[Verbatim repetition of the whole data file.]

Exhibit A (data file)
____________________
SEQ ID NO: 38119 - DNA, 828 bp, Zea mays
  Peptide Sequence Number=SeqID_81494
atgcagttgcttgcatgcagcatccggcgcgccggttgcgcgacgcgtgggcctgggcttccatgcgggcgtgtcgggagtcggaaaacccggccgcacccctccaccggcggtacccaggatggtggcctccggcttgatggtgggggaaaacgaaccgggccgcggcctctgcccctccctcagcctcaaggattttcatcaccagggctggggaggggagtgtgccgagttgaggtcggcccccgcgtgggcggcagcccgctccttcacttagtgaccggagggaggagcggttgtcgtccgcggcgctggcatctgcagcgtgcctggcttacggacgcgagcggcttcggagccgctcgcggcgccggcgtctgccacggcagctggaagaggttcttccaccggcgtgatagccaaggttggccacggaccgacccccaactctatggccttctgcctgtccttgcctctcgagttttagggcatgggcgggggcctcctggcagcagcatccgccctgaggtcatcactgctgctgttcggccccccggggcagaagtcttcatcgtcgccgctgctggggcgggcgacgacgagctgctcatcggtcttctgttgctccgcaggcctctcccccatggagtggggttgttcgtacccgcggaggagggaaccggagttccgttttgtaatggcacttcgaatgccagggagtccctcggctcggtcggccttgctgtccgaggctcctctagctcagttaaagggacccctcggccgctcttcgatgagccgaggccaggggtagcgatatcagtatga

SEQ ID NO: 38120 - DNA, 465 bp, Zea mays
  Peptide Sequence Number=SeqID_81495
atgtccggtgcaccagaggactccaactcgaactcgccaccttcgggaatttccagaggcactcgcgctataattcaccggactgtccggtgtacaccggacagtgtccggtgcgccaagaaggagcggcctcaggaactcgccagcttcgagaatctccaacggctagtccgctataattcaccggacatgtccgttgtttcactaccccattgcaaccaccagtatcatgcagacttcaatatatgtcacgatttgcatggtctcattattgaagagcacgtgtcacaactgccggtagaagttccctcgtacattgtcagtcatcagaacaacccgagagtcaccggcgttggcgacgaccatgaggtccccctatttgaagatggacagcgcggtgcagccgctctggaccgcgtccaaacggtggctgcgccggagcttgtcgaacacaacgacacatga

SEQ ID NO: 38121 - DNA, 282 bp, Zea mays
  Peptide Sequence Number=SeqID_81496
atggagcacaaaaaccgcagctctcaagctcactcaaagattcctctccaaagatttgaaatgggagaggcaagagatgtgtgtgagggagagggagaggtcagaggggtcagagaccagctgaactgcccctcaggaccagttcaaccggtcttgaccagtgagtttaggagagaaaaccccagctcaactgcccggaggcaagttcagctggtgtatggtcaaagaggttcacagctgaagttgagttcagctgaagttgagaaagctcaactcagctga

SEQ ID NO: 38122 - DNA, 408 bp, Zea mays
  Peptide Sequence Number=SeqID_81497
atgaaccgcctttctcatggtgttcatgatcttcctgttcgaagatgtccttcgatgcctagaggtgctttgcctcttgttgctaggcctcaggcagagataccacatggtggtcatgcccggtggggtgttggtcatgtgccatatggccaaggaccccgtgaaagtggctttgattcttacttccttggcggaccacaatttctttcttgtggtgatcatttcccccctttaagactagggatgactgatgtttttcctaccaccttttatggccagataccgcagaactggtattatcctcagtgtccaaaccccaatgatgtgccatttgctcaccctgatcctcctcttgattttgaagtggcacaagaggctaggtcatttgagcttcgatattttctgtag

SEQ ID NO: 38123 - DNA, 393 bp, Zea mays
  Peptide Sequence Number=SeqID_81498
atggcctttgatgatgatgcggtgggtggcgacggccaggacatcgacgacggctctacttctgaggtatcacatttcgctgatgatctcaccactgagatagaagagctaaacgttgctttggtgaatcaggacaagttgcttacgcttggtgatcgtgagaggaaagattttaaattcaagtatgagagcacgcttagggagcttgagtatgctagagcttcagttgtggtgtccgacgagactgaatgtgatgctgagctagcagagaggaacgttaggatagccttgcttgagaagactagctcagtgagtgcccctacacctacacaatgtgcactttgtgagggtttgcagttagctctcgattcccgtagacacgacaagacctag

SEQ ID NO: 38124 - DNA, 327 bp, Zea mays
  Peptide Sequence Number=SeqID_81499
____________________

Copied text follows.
SEQ ID NO: 38119 - DNA, 828 bp, Zea mays
  Peptide Sequence Number=SeqID_81494
atgcagttgcttgcatgcagcatccggcgcgccggttgcgcgacgcgtgggcctgggcttccatgcgggcgtgtcgggagtcggaaaacccggccgcacccctccaccggcggtacccaggatggtggcctccggcttgatggtgggggaaaacgaaccgggccgcggcctctgcccctccctcagcctcaaggattttcatcaccagggctggggaggggagtgtgccgagttgaggtcggcccccgcgtgggcggcagcccgctccttcacttagtgaccggagggaggagcggttgtcgtccgcggcgctggcatctgcagcgtgcctggcttacggacgcgagcggcttcggagccgctcgcggcgccggcgtctgccacggcagctggaagaggttcttccaccggcgtgatagccaaggttggccacggaccgacccccaactctatggccttctgcctgtccttgcctctcgagttttagggcatgggcgggggcctcctggcagcagcatccgccctgaggtcatcactgctgctgttcggccccccggggcagaagtcttcatcgtcgccgctgctggggcgggcgacgacgagctgctcatcggtcttctgttgctccgcaggcctctcccccatggagtggggttgttcgtacccgcggaggagggaaccggagttccgttttgtaatggcacttcgaatgccagggagtccctcggctcggtcggccttgctgtccgaggctcctctagctcagttaaagggacccctcggccgctcttcgatgagccgaggccaggggtagcgatatcagtatga

SEQ ID NO: 38120 - DNA, 465 bp, Zea mays
  Peptide Sequence Number=SeqID_81495
atgtccggtgcaccagaggactccaactcgaactcgccaccttcgggaatttccagaggcactcgcgctataattcaccggactgtccggtgtacaccggacagtgtccggtgcgccaagaaggagcggcctcaggaactcgccagcttcgagaatctccaacggctagtccgctataattcaccggacatgtccgttgtttcactaccccattgcaaccaccagtatcatgcagacttcaatatatgtcacgatttgcatggtctcattattgaagagcacgtgtcacaactgccggtagaagttccctcgtacattgtcagtcatcagaacaacccgagagtcaccggcgttggcgacgaccatgaggtccccctatttgaagatggacagcgcggtgcagccgctctggaccgcgtccaaacggtggctgcgccggagcttgtcgaacacaacgacacatga

SEQ ID NO: 38121 - DNA, 282 bp, Zea mays
  Peptide Sequence Number=SeqID_81496
atggagcacaaaaaccgcagctctcaagctcactcaaagattcctctccaaagatttgaaatgggagaggcaagagatgtgtgtgagggagagggagaggtcagaggggtcagagaccagctgaactgcccctcaggaccagttcaaccggtcttgaccagtgagtttaggagagaaaaccccagctcaactgcccggaggcaagttcagctggtgtatggtcaaagaggttcacagctgaagttgagttcagctgaagttgagaaagctcaactcagctga

SEQ ID NO: 38122 - DNA, 408 bp, Zea mays
  Peptide Sequence Number=SeqID_81497
atgaaccgcctttctcatggtgttcatgatcttcctgttcgaagatgtccttcgatgcctagaggtgctttgcctcttgttgctaggcctcaggcagagataccacatggtggtcatgcccggtggggtgttggtcatgtgccatatggccaaggaccccgtgaaagtggctttgattcttacttccttggcggaccacaatttctttcttgtggtgatcatttcccccctttaagactagggatgactgatgtttttcctaccaccttttatggccagataccgcagaactggtattatcctcagtgtccaaaccccaatgatgtgccatttgctcaccctgatcctcctcttgattttgaagtggcacaagaggctaggtcatttgagcttcgatattttctgtag

SEQ ID NO: 38123 - DNA, 393 bp, Zea mays
  Peptide Sequence Number=SeqID_81498
atggcctttgatgatgatgcggtgggtggcgacggccaggacatcgacgacggctctacttctgaggtatcacatttcgctgatgatctcaccactgagatagaagagctaaacgttgctttggtgaatcaggacaagttgcttacgcttggtgatcgtgagaggaaagattttaaattcaagtatgagagcacgcttagggagcttgagtatgctagagcttcagttgtggtgtccgacgagactgaatgtgatgctgagctagcagagaggaacgttaggatagccttgcttgagaagactagctcagtgagtgcccctacacctacacaatgtgcactttgtgagggtttgcagttagctctcgattcccgtagacacgacaagacctag

SEQ ID NO: 38124 - DNA, 327 bp, Zea mays
  Peptide Sequence Number=SeqID_81499